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In order to figure out (or guess) something from one of our proprietary desktop tools developed by wxPython, I injected a logging decorator on several regardful class methods. Each log record looks like the following:

log records of one application in phpmyadmin way

Right now, there are more than 3M log records in database and I started to think "What I can get from those stuff?". I can get some information like:

  • hit rate of (klass, method) by a period of time (ex, a week).
  • power users by record counts.
  • approximate crash rate by lost closing log compared to opening log.

I guess the related technique might be log mining. Does anyone have any idea for further information I can retrieve from this really simple log? I'm really interested to get something more from it.

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Noone can answer this question for you. There are infinite variations on how the data could be filtered and presented. The question is what do YOU want out of it. – SpliFF Mar 11 '11 at 1:23

2 Answers 2

up vote 1 down vote accepted

SpliFF is right, you'll have to decide which questions are important to you and then figure out if you're collecting the right data to answer them. Making sense of this sort of operational data can be very valuable.

You probably want to start by seeing if you can answer some basic questions, and then move on to the tougher stuff once you have your log collection and analysis workflow established. Some longer-term questions you might consider:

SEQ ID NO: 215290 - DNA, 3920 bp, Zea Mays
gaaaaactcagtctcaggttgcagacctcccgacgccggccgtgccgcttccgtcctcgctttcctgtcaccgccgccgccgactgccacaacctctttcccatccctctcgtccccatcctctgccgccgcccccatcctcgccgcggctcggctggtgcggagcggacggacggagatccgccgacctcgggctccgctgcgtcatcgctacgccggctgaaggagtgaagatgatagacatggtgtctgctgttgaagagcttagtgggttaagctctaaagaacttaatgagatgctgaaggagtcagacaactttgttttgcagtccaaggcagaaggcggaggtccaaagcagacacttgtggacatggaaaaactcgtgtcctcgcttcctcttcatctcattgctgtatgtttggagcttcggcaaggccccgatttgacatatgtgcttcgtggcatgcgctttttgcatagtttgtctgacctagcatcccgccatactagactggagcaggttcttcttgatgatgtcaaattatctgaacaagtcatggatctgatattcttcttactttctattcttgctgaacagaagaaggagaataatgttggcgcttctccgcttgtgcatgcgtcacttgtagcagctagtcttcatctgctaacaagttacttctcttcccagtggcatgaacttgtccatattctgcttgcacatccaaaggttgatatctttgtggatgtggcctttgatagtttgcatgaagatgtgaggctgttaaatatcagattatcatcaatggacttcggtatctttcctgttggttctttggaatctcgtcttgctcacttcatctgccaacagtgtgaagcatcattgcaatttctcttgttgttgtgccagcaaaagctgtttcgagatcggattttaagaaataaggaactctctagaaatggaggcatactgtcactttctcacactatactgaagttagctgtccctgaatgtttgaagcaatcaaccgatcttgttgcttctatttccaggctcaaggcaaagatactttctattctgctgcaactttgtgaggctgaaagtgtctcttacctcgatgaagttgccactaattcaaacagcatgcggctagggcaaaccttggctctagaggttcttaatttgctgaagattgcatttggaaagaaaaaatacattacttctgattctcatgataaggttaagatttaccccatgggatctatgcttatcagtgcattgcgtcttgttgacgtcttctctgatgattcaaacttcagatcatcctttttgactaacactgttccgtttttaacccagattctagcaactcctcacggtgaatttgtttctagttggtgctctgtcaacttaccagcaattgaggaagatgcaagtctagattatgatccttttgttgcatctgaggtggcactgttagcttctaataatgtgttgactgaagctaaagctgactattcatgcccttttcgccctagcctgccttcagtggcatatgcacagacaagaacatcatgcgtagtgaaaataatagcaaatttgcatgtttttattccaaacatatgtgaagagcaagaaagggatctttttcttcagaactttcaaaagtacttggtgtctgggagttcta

• What are the most common, severe bugs being encountered "in the wild", ranked by frequency and impact. Data: Capture stacktraces / callpoints and method arguments if possible.
  • Can you simplify some of the common actions your users perform? If X is the most common, can the number of steps be reduced or can individual steps be simplified? Data: Sessions, clickstreams for the common workflows. Features ranked by frequency of use, number and complexity of steps.
  • Some features may be confusing, have conflicting options, which lead to user mistakes. Sessions where the user backs up several times to repeat a step, or starts over from the beginning, may be telling.

You may also want to notify users that data is being collected for quality purposes, and even solicit some feedback from within the app's interface.

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Thanks for those suggestions. – Drake Jan 27 '13 at 3:38


Patterns preceding failures. Say a failure was logged, now consider exploring these questions:

  • What was the sequence of klass-method combos that preceded it?
  • What about other combos?
  • Is it always the same sequence that precedes the same failures?
  • Does a sequence of minor failures precede a major failure?
  • etc

One way to compare patterns can be as such:

  1. Classify each message
  2. Represent each class/type with a unique ID, so you now have a sequence of IDs
  3. Slice the sequence into time periods to compare
  4. Compare the slices (arrays of IDs) with a diff algorithm
  5. Retain samples of periods to establish the common patterns, then compare new samples for the same periods to establish a degree of anomaly
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